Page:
Meta has recently announced a series of measures aimed at bolstering the safety of underage users on Facebook and Instagram. The most significant change involves restricting the ability of teens under 16 (and in some regions, up to 18) to send messages to individuals not on their Facebook friends or contacts list. This update builds on Instagram’s existing policy, which previously prohibited adults over 18 from messaging teenagers who didn’t follow them.
Default Restrictions for Under-16 Users
Effective immediately, these new messaging restrictions will apply by default to all users under 16, with some regions extending the age limit to 18. Meta plans to notify existing users about these changes through notifications. For Facebook Messenger, messages will only be received from friends on Facebook or contacts.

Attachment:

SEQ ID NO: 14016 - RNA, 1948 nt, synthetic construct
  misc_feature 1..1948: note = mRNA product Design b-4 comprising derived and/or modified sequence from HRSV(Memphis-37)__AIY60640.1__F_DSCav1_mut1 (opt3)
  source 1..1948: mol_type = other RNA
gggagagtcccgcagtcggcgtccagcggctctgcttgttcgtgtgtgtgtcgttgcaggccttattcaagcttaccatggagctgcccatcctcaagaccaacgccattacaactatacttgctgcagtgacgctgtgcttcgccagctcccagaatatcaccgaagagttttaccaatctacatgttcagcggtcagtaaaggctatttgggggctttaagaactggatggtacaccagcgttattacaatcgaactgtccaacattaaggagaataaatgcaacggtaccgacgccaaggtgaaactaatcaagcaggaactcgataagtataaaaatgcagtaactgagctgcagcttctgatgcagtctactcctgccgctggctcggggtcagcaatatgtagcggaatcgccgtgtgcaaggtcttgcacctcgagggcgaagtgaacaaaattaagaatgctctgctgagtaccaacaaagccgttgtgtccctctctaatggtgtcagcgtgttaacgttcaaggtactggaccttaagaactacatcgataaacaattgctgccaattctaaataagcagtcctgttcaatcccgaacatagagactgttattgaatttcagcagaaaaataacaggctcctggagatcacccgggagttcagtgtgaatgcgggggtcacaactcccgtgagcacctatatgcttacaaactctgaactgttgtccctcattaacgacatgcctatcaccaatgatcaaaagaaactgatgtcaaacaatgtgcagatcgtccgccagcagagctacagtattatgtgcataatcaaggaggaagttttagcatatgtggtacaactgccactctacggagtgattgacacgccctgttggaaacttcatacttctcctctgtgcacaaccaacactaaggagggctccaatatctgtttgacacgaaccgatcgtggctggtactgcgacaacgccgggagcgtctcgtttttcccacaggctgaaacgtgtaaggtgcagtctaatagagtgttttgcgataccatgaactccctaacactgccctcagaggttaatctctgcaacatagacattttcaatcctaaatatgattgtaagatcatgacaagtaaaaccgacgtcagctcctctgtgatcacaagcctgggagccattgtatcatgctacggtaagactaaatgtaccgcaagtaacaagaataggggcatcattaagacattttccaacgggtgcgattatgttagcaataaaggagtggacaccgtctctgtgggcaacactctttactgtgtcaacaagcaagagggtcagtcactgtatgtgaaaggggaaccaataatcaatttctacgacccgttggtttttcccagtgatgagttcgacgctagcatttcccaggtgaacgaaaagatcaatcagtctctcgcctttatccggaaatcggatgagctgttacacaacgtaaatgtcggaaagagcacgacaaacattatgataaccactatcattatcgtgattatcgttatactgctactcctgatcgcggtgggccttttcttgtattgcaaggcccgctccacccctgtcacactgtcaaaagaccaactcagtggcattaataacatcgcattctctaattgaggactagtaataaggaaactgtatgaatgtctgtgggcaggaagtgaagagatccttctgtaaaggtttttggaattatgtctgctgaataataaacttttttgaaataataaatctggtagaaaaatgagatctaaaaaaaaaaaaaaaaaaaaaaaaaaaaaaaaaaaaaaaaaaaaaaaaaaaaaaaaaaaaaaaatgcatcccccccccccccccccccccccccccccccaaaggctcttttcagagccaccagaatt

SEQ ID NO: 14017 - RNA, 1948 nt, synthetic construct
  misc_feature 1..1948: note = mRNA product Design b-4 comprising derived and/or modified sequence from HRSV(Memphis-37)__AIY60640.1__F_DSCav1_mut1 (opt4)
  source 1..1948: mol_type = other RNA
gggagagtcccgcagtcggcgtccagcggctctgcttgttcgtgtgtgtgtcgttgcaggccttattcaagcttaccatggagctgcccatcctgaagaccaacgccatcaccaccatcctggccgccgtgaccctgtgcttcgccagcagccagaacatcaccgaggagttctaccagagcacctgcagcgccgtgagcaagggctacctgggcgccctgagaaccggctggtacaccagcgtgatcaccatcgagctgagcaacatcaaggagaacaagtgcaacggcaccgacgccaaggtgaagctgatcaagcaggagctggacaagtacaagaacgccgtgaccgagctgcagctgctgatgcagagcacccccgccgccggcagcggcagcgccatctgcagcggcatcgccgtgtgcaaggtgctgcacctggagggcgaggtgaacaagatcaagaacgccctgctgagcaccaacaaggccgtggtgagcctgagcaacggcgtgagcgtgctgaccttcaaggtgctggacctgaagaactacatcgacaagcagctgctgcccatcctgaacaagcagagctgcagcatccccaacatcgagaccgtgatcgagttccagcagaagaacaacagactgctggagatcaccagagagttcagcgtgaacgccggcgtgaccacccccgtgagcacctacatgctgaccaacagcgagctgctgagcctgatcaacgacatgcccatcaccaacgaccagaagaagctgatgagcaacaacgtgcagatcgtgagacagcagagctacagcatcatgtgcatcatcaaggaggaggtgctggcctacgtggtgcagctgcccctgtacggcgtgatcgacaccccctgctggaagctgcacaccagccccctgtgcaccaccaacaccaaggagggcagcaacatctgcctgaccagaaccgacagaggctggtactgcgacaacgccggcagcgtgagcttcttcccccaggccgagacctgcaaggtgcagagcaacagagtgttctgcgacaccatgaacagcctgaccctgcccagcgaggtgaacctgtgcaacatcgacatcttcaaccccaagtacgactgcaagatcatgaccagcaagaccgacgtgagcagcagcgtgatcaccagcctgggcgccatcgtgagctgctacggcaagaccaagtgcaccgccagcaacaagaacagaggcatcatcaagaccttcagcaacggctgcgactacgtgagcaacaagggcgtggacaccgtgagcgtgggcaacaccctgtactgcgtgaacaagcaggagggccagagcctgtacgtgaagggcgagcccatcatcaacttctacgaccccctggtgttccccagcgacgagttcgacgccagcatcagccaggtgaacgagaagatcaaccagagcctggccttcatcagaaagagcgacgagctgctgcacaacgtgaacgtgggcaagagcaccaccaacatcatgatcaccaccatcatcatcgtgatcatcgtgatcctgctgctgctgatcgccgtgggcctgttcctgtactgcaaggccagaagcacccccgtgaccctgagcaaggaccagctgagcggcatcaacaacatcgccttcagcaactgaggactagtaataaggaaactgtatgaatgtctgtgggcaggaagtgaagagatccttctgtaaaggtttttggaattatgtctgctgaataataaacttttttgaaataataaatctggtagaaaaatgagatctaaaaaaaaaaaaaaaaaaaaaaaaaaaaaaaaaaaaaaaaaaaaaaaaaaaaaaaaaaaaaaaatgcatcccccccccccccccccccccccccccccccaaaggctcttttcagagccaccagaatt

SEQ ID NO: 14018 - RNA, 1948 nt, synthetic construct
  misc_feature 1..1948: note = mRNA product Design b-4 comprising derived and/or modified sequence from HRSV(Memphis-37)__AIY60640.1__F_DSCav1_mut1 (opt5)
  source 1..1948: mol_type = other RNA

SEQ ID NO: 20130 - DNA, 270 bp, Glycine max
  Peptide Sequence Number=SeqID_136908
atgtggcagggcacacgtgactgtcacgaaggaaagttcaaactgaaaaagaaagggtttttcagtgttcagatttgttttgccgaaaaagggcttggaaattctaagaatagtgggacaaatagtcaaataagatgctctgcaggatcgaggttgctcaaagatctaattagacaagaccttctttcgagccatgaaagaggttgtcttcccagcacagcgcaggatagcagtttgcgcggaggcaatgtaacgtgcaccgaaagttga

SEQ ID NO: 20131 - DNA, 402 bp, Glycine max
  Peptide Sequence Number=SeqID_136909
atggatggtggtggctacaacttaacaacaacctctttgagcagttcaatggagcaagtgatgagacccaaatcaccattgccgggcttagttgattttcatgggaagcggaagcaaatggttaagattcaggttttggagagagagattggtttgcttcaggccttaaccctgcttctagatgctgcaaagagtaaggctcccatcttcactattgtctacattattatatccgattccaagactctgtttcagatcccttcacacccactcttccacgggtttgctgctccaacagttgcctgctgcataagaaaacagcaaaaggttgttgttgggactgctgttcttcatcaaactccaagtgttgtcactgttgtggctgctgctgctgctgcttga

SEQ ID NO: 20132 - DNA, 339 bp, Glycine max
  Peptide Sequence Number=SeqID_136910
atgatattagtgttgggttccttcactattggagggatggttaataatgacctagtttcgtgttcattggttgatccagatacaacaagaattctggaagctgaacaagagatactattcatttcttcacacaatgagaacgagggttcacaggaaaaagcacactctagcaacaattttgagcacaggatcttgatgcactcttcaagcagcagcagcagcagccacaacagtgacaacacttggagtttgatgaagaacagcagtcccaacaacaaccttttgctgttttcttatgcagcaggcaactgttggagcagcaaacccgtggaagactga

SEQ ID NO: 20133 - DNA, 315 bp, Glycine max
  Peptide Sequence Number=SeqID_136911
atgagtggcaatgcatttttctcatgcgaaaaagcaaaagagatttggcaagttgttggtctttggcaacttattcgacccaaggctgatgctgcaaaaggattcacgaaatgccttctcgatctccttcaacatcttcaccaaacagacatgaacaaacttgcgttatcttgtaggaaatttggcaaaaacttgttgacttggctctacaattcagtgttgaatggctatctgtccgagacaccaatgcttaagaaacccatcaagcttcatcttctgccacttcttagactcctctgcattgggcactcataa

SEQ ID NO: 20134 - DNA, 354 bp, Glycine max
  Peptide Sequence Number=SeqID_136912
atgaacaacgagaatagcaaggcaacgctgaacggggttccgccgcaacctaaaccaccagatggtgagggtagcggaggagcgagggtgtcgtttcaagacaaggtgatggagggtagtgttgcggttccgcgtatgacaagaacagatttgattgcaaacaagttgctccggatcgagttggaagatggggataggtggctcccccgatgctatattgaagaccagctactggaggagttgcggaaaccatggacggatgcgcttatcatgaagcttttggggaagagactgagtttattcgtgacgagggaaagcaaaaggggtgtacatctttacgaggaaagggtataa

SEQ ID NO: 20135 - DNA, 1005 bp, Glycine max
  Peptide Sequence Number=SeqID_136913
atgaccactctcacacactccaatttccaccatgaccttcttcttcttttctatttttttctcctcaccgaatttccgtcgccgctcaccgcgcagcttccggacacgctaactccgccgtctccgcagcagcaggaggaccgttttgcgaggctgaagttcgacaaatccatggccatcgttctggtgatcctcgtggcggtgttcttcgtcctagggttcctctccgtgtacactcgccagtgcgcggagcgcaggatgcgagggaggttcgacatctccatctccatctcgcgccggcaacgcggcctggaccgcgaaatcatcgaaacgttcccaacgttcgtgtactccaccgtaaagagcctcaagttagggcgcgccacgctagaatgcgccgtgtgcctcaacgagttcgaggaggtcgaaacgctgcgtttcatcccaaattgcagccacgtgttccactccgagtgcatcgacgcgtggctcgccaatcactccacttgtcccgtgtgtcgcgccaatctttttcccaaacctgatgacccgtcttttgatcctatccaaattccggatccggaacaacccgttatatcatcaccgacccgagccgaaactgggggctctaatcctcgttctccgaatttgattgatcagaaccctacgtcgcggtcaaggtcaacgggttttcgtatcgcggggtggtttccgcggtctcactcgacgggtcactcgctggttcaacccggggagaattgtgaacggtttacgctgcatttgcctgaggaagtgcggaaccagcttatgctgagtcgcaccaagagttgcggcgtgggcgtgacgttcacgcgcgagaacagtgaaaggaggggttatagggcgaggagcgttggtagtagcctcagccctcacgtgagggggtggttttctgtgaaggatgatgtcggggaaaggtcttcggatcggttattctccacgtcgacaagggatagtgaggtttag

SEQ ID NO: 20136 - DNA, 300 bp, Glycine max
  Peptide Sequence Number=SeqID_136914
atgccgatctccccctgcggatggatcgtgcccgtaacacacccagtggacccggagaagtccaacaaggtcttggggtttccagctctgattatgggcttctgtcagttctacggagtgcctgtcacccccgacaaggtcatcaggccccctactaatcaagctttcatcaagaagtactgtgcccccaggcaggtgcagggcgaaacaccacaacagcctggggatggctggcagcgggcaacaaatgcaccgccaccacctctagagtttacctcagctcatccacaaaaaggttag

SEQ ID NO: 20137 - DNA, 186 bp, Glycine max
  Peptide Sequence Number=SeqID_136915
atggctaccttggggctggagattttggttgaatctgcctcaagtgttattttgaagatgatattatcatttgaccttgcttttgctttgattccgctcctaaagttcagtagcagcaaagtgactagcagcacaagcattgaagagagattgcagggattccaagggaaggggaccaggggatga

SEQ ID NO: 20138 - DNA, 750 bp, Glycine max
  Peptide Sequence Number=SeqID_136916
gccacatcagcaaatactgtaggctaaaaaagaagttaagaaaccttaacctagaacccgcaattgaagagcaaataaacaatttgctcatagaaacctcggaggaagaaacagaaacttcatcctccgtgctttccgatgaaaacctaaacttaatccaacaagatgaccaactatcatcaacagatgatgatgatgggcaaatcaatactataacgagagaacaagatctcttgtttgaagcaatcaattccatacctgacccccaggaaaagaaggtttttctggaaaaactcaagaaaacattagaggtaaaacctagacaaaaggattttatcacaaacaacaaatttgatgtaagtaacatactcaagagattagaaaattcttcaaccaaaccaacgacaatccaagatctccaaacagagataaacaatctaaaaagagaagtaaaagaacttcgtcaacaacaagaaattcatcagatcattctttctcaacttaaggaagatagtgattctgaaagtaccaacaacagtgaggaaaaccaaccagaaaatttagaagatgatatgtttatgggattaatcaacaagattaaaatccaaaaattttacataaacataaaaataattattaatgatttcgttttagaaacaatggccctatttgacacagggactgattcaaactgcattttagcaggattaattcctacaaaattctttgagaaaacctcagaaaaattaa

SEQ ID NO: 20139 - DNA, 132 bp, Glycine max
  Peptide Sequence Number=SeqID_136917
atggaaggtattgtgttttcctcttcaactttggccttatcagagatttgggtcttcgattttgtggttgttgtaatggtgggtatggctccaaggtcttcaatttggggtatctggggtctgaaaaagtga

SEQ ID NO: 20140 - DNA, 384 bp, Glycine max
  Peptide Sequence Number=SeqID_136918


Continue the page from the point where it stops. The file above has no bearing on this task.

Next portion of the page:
Enhanced Parental Controls
In a bid to empower parents or guardians, Meta is rolling out more robust parental controls. Previously, guardians could only receive notifications about setting changes made by teens without the ability to intervene. Now, guardians can actively allow or disallow alterations to default privacy settings, such as changes from private to public accounts or adjustments to content filtering and message controls.
Blocking Unwanted Content and Images
Additionally, Meta is set to introduce a feature preventing teens from encountering unwanted and inappropriate images in private messages. This safeguard will also extend to end-to-end encrypted chats, discouraging the sharing of explicit content among minors.
These updates follow Meta’s recent introduction of tools designed to limit minors’ exposure to toxic content, including material related to self-harm, violence, or eating disorders on Facebook and Instagram, reminds NIX Solutions.
This comprehensive approach by Meta underscores its commitment to creating a safer online environment for young users on its platforms. The company continues to proactively address challenges related to online safety, ensuring that parents and guardians have the necessary tools to protect their underage users.